9 I wrote to you in my epistle not to keep company with sexually immoral people. 10 Yet I certainly did not mean with the sexually immoral people of this world, or with the covetous, or extortioners, or idolaters, since then you would need to go out of the world. 11 But now I have written to you not to keep company with anyone named a brother, who is sexually immoral, or covetous, or an idolater, or a reviler, or a drunkard, or an extortioner — not even to eat with such a person.

      2 Thess 3:6-12

      6 But we command you, brethren, in the name of our Lord Jesus Christ, that you withdraw from every brother who walks disorderly and not according to the tradition which he received from us. 7 For you yourselves know how you ought to follow us, for we were not disorderly among you; 8 nor did we eat anyone’s bread free of charge, but worked with labor and toil night and day, that we might not be a burden to any of you, 9 not because we do not have authority, but to make ourselves an example of how you should follow us.

      10 For even when we were with you, we commanded you this: If anyone will not work, neither shall he eat. 11 For we hear that there are some who walk among you in a disorderly manner, not working at all, but are busybodies. 12 Now those who are such we command and exhort through our Lord Jesus Christ that they work in quietness and eat their own bread.

      Rom 16:17-18
      Now I urge you, brethren, note those who cause divisions and offenses, contrary to the doctrine which you learned, and avoid them. 18 For those who are such do not serve our Lord Jesus Christ, but their own belly, and by smooth words and flattering speech deceive the hearts of the simple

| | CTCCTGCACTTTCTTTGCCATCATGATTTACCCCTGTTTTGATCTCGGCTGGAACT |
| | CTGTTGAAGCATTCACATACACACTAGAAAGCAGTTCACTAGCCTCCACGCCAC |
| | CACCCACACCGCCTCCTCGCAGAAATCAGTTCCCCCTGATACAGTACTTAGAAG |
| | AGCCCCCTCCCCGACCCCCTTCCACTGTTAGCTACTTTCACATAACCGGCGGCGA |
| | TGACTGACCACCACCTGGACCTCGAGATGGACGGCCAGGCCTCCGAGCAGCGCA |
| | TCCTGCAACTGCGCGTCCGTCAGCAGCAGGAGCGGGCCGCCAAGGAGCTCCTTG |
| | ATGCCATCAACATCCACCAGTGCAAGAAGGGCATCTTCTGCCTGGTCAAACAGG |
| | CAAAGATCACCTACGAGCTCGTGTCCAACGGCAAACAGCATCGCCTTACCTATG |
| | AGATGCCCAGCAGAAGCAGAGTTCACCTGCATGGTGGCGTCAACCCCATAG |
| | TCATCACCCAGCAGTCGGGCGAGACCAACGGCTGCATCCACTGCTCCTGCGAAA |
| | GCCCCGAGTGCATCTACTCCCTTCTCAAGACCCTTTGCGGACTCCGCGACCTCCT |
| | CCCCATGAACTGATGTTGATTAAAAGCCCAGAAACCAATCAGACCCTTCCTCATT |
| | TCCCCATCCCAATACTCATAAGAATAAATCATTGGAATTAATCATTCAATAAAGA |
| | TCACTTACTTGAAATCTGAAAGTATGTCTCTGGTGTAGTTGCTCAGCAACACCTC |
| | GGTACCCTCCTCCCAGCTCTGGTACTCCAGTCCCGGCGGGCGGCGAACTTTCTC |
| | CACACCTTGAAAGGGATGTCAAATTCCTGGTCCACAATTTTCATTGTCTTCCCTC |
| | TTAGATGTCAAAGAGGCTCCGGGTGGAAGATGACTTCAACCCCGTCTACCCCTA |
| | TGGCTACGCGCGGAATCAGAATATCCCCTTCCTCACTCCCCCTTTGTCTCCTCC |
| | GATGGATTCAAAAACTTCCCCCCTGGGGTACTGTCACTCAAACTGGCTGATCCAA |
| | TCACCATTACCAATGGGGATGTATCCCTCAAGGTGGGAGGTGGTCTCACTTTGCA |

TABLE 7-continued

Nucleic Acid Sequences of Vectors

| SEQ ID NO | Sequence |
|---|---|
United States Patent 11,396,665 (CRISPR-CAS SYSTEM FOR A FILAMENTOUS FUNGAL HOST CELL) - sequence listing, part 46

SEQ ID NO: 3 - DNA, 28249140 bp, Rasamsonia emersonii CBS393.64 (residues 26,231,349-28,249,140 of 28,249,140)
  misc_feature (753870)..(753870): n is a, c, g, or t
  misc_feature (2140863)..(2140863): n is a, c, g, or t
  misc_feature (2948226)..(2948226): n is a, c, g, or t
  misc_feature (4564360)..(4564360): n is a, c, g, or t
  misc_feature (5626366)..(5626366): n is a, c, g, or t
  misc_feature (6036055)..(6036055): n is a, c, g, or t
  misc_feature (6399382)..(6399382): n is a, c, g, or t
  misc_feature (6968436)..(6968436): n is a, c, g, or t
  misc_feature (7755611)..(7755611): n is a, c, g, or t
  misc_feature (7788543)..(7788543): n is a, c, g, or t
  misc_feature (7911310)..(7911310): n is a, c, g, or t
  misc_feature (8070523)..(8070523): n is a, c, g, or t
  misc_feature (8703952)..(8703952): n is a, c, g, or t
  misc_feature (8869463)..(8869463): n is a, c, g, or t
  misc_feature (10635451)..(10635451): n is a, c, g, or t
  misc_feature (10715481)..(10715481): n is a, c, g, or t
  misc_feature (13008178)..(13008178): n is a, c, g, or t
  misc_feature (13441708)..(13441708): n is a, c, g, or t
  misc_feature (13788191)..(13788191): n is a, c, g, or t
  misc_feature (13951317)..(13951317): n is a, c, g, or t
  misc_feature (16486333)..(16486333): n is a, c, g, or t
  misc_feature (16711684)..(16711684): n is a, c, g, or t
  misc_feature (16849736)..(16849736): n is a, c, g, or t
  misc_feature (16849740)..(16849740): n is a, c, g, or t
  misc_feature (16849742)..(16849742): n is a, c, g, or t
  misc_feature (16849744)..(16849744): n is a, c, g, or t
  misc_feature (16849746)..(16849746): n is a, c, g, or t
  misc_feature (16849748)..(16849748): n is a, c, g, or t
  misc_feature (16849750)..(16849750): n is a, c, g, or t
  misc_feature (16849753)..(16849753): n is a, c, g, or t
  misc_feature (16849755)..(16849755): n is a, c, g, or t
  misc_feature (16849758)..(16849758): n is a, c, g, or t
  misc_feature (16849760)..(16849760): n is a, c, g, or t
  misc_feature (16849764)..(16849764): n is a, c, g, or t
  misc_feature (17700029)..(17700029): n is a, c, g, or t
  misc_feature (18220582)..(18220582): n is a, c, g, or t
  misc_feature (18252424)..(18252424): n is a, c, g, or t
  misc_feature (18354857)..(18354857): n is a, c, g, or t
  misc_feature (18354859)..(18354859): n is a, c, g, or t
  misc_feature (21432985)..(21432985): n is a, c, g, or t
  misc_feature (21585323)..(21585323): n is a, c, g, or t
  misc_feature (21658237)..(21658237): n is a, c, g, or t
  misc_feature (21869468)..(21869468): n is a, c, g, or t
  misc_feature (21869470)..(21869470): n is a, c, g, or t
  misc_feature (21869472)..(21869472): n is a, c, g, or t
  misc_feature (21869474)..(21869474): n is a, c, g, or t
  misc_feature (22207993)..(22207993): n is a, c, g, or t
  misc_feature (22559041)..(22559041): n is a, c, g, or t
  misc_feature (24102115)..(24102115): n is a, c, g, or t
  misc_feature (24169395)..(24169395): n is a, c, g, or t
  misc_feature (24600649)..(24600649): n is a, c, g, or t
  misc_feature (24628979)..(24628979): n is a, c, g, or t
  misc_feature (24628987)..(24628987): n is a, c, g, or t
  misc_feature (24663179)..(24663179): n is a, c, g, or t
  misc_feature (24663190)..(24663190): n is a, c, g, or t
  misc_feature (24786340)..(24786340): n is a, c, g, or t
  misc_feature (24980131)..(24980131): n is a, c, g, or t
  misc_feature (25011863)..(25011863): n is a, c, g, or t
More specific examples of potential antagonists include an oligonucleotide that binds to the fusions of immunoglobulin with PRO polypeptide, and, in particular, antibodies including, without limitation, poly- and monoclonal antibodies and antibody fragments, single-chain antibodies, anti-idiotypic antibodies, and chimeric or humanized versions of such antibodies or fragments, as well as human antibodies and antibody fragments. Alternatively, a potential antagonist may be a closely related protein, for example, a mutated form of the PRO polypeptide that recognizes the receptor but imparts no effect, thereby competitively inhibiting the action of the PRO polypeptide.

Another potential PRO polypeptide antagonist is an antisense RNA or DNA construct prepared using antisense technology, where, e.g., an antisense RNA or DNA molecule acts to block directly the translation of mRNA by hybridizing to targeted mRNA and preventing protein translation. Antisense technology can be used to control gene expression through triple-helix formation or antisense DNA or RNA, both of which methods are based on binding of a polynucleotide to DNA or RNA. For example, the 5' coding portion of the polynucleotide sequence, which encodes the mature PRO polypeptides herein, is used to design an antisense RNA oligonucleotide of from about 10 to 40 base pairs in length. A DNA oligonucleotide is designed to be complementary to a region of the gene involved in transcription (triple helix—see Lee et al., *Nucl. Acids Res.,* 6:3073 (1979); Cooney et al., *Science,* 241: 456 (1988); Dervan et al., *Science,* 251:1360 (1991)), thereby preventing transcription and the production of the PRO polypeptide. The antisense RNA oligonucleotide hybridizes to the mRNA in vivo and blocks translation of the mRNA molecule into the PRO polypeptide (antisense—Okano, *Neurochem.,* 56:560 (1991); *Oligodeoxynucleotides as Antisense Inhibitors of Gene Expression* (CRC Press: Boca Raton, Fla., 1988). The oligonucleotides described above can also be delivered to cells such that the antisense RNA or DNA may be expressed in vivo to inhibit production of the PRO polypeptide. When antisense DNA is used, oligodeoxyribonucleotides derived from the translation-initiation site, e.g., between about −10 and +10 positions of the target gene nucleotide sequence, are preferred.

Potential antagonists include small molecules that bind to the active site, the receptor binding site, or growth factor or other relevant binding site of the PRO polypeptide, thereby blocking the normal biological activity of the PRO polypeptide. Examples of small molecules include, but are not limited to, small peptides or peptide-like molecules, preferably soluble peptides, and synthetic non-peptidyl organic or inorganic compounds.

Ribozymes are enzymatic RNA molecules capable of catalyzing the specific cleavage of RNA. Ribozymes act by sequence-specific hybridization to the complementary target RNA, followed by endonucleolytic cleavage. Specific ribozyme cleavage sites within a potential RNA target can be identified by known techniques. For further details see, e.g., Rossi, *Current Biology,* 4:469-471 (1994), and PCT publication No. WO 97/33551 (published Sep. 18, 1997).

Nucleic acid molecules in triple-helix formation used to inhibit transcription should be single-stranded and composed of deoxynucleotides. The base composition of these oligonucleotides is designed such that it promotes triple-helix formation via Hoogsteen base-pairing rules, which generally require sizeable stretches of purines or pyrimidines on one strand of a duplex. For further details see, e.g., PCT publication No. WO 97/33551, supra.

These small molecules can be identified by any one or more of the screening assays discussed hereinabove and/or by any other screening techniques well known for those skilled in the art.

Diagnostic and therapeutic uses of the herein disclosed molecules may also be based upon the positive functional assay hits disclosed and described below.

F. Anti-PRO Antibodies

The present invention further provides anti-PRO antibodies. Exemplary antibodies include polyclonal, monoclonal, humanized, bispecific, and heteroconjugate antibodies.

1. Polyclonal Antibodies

• Wow! This does seem harsh by today’s standards. In a large family, this is what a mother would do. Her rule was that everyone had to work–everyone had to do something to keep the family together. Even the baby had a job. The baby was not a toy. The baby was there to help teach the others how to care for the weakest member.

        As for the sexually immoral. Self gratification and coveting are behaviours large families just can’t tolerate. Family members need to think and act in love for one another.

        The elephant in the room here is LGBTQ+ people. What about them? Does God love them? Should the Church make room for them in their hearts? (2 Corinthians 7:2)

        Noah’s Ark comes to mind. In the Ark, Noah and his family made room for two of every kind, even the ritually unclean ones. So I’m thinking, perhaps the Church today can make room for those LGBTQ+ people who are sober , hard working, and loving who want to make a loving, lasting covenant with a mate of their choosing in God’s sight. What do you think?


  5. Pingback: A Passage To Ponder: 1 Corinthians 5 | A disciple's study

  6. Debra cox

    Most christians I’ve talked with about 1 Cor.5:5. Seem to think that the withdrawal does not include the “family” of the one in sin. To be clear, mom dad ,brother sister,grandma. Etc. . What is your answer to those who don’t withdraw as a family from an erring family member?


  7. Pingback: A Passage To Ponder: Matthew 18:15-17 | ThePreachersWord